Violence erupted in a number of locations in Paris on Friday evening, November 13, 2015, taking the lives of an estimated 120 people and wounding many more. The attacks occurred in a music concert hall, where an American rock band was featured, and a number of restaurants in a popular area of Paris. At least one of the bombs exploded near a soccer stadium where a game between France and Germany was attended by French President Hollande.
The attacks, carried out by suicide bombers and terrorists with AK-47s, were described as "well-coordinated" and the result was a horrific event that shocked all of Europe and others around the world. As one commentator said, "The terrorists wanted to have a 9/11 event in Europe — and now they've had it."
Exacerbating the situation is the flow of displaced people fleeing the Middle East to European countries, including France, which already has the largest Muslim population in Europe. Some feel the violence that occurred in Paris Friday night may be just the beginning of terrorist attacks as European countries strive to deal with the problems involved in accommodating a huge number of refugees.
This report is being written shortly after the attacks occurred and much more information, including a better estimate of the number of those killed and wounded, will be available on November 14. Stay tuned.
November 14, 2015
French President Francois Hollande declared three days of national mourning as the death toll in last night's terrorist attacks rose to 127, with 300 others hospitalized — 80 in critical condition. Eight of the terrorists involved in the attacks are dead, seven by detonating suicide bombs.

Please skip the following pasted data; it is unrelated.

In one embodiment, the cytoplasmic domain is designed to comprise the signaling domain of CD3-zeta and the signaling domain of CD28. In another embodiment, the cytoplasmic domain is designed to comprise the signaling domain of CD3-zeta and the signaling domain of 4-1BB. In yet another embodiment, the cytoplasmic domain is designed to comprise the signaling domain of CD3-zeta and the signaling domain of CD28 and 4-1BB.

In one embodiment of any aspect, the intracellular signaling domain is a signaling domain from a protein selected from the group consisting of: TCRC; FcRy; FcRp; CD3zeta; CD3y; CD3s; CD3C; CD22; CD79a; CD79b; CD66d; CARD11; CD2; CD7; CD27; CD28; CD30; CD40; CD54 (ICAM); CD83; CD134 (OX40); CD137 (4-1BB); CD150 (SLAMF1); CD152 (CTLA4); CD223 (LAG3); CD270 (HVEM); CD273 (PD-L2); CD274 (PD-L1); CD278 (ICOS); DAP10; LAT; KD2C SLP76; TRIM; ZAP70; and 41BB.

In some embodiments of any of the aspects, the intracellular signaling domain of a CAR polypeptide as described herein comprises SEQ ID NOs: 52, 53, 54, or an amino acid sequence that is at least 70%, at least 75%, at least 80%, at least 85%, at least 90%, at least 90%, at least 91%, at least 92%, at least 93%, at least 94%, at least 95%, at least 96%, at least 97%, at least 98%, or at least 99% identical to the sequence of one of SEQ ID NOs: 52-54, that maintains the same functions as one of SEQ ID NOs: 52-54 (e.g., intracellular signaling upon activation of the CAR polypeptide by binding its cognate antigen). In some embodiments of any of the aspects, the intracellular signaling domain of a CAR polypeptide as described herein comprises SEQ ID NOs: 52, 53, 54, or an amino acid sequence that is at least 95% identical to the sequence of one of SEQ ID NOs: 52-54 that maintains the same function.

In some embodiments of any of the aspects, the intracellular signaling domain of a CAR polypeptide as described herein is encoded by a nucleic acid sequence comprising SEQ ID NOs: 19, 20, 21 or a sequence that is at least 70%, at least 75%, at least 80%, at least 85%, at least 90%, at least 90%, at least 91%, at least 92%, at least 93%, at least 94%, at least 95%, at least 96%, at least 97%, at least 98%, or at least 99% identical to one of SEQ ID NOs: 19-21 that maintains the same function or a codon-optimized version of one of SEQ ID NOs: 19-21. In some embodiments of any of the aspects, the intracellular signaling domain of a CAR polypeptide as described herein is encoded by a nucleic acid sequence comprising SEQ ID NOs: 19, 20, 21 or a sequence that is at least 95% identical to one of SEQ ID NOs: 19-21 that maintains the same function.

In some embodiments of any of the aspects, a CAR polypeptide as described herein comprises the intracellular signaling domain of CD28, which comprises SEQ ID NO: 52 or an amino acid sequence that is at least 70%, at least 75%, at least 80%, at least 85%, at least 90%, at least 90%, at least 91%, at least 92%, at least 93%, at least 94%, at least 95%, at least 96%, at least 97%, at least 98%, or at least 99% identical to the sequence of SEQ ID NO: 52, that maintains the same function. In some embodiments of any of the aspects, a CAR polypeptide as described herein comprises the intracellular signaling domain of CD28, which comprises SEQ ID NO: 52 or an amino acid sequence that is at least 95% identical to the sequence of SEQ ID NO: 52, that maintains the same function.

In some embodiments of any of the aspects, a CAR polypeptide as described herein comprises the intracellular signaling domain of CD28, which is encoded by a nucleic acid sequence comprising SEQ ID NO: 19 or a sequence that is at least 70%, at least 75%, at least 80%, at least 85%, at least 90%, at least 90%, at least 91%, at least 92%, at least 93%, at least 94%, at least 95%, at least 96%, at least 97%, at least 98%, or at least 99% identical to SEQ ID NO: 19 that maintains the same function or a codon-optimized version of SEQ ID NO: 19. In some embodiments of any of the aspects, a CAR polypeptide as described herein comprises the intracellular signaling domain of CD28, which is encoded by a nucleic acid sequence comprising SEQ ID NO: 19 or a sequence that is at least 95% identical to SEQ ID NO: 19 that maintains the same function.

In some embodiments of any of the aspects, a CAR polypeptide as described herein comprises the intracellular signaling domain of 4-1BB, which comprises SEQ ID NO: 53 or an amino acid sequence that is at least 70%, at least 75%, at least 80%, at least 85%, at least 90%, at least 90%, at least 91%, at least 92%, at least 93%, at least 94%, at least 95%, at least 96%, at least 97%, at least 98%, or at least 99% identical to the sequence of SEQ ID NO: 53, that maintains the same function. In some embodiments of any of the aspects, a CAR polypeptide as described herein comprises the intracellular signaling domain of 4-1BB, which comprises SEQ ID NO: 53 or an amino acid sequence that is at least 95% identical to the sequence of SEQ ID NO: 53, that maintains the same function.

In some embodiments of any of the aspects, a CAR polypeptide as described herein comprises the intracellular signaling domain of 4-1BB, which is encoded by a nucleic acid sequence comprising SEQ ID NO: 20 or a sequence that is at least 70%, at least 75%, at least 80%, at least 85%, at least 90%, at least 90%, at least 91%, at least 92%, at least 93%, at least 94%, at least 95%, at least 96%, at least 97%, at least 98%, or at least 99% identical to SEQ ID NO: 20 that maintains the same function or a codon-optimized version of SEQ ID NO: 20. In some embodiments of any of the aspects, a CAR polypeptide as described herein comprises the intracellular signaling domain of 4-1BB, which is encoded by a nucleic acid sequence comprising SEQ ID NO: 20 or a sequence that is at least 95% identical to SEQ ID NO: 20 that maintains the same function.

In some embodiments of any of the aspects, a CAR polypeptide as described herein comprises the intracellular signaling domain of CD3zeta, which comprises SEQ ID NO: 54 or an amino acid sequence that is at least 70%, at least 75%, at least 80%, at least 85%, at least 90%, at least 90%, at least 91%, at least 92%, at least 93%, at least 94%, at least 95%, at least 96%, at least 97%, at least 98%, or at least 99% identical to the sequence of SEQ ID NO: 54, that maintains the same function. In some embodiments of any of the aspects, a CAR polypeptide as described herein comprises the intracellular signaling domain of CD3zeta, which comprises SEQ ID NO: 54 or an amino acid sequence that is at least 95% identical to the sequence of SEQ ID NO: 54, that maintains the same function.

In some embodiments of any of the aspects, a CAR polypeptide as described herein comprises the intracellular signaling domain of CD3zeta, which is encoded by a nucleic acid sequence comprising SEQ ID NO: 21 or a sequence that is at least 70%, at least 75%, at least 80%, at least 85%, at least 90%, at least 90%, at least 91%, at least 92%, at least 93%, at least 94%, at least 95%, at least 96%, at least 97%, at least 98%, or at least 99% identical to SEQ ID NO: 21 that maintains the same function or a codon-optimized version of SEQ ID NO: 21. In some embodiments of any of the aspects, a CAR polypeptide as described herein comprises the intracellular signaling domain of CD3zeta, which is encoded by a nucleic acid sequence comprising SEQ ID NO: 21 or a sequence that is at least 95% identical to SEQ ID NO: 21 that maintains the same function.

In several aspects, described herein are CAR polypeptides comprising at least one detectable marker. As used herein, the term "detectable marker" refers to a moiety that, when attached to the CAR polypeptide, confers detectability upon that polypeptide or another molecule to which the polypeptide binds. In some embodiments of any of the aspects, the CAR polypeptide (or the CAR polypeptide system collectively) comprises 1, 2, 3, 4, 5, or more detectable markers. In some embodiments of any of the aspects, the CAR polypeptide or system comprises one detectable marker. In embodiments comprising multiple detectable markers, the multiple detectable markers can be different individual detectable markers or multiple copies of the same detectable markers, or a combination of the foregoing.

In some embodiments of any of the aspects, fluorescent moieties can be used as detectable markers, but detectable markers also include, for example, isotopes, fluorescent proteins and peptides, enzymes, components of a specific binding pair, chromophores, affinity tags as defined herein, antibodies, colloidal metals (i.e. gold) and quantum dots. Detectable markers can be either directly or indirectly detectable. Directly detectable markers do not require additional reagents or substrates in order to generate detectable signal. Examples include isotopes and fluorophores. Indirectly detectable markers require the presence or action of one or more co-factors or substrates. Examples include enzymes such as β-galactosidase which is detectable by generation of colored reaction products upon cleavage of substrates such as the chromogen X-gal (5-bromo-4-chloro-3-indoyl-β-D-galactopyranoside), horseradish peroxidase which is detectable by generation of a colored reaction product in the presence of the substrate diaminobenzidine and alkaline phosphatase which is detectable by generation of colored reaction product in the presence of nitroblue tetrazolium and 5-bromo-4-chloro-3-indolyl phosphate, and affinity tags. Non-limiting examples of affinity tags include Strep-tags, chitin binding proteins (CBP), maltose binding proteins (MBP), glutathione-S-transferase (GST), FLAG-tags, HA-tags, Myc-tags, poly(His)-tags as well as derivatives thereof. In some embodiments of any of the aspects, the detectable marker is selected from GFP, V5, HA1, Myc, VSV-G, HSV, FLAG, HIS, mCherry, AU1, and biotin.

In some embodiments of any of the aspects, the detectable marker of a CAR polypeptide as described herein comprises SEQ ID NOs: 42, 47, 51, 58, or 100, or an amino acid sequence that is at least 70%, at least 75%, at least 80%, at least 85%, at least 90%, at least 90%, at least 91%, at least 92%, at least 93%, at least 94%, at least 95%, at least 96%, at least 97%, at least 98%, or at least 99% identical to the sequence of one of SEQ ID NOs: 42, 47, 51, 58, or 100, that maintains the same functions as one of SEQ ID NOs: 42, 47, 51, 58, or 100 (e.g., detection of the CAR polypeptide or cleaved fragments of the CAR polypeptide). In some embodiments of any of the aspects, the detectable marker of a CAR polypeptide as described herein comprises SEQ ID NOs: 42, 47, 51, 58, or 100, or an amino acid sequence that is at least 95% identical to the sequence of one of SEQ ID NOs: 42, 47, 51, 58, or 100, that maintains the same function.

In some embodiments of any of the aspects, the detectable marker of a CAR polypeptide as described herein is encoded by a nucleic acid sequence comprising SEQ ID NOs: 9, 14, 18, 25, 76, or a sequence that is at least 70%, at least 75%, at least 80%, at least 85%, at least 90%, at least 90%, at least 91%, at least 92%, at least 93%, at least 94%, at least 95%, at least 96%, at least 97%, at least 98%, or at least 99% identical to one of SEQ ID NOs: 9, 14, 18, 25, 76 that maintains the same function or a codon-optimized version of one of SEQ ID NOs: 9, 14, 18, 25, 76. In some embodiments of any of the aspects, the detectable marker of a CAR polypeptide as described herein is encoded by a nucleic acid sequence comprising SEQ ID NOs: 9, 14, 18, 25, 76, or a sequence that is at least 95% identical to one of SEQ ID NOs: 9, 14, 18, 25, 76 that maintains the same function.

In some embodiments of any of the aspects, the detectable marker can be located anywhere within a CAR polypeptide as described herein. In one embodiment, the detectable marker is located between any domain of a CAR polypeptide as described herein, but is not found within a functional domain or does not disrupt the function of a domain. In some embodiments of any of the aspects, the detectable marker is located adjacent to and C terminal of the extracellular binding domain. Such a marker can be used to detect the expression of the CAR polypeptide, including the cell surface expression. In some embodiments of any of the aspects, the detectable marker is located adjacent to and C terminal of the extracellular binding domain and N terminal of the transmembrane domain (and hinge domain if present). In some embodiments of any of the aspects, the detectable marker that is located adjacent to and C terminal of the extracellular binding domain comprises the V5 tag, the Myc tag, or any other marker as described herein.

The terrorist organization ISIS claimed responsibility for the carnage in Paris, but the claim could not be independently verified. President Hollande called the attacks "An act of war that was prepared, organized and planned from abroad, with complicity from the inside, which the investigation will help establish."
Stricken by shock and grief, Paris remained in a state of lockdown with public institutions such as schools, museums, libraries, pools and food markets closed. Last night's attacks were the deadliest event to occur in France since the massacre of French journalists at the satirical newspaper Charlie Hebdo in January.
Much remains unknown at this time, including the identities of the terrorists involved in the attacks and whether any accomplices remain at large. Intelligence agencies in France and elsewhere remain on the alert.
Beau Weisman, Editor